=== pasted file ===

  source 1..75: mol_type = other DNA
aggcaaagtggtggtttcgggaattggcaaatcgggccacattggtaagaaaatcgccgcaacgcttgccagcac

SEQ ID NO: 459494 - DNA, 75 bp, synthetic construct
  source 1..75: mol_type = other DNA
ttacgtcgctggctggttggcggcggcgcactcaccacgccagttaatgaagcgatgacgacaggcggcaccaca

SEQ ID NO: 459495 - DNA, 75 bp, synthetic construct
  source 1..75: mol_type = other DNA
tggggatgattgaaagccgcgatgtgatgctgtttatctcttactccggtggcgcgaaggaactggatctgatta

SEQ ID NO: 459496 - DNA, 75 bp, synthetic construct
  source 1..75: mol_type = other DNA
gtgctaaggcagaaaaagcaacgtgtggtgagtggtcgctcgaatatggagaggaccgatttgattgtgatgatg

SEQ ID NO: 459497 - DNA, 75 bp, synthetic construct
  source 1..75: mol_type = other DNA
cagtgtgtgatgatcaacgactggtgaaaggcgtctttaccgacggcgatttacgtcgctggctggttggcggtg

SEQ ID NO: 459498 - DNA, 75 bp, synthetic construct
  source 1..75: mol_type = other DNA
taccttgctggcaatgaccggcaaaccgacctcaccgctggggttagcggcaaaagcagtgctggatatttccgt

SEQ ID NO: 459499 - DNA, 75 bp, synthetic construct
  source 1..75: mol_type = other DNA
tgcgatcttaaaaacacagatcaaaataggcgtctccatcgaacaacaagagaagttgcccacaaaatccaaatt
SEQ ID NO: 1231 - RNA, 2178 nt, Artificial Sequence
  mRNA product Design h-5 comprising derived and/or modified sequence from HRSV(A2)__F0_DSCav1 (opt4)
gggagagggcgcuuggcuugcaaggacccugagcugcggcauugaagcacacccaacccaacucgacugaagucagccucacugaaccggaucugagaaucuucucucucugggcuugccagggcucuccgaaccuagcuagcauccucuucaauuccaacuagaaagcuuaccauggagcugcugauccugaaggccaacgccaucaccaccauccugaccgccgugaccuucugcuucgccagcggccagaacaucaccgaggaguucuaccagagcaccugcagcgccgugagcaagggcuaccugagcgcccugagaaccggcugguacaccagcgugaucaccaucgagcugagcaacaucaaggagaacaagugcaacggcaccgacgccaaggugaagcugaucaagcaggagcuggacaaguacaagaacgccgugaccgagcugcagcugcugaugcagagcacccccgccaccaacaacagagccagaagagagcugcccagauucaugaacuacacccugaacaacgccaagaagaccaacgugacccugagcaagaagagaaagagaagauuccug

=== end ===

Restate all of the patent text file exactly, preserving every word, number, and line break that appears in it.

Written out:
  source 1..75: mol_type = other DNA
aggcaaagtggtggtttcgggaattggcaaatcgggccacattggtaagaaaatcgccgcaacgcttgccagcac

SEQ ID NO: 459494 - DNA, 75 bp, synthetic construct
  source 1..75: mol_type = other DNA
ttacgtcgctggctggttggcggcggcgcactcaccacgccagttaatgaagcgatgacgacaggcggcaccaca

SEQ ID NO: 459495 - DNA, 75 bp, synthetic construct
  source 1..75: mol_type = other DNA
tggggatgattgaaagccgcgatgtgatgctgtttatctcttactccggtggcgcgaaggaactggatctgatta

SEQ ID NO: 459496 - DNA, 75 bp, synthetic construct
  source 1..75: mol_type = other DNA
gtgctaaggcagaaaaagcaacgtgtggtgagtggtcgctcgaatatggagaggaccgatttgattgtgatgatg

SEQ ID NO: 459497 - DNA, 75 bp, synthetic construct
  source 1..75: mol_type = other DNA
cagtgtgtgatgatcaacgactggtgaaaggcgtctttaccgacggcgatttacgtcgctggctggttggcggtg

SEQ ID NO: 459498 - DNA, 75 bp, synthetic construct
  source 1..75: mol_type = other DNA
taccttgctggcaatgaccggcaaaccgacctcaccgctggggttagcggcaaaagcagtgctggatatttccgt

SEQ ID NO: 459499 - DNA, 75 bp, synthetic construct
  source 1..75: mol_type = other DNA
tgcgatcttaaaaacacagatcaaaataggcgtctccatcgaacaacaagagaagttgcccacaaaatccaaatt
SEQ ID NO: 1231 - RNA, 2178 nt, Artificial Sequence
  mRNA product Design h-5 comprising derived and/or modified sequence from HRSV(A2)__F0_DSCav1 (opt4)
gggagagggcgcuuggcuugcaaggacccugagcugcggcauugaagcacacccaacccaacucgacugaagucagccucacugaaccggaucugagaaucuucucucucugggcuugccagggcucuccgaaccuagcuagcauccucuucaauuccaacuagaaagcuuaccauggagcugcugauccugaaggccaacgccaucaccaccauccugaccgccgugaccuucugcuucgccagcggccagaacaucaccgaggaguucuaccagagcaccugcagcgccgugagcaagggcuaccugagcgcccugagaaccggcugguacaccagcgugaucaccaucgagcugagcaacaucaaggagaacaagugcaacggcaccgacgccaaggugaagcugaucaagcaggagcuggacaaguacaagaacgccgugaccgagcugcagcugcugaugcagagcacccccgccaccaacaacagagccagaagagagcugcccagauucaugaacuacacccugaacaacgccaagaagaccaacgugacccugagcaagaagagaaagagaagauuccug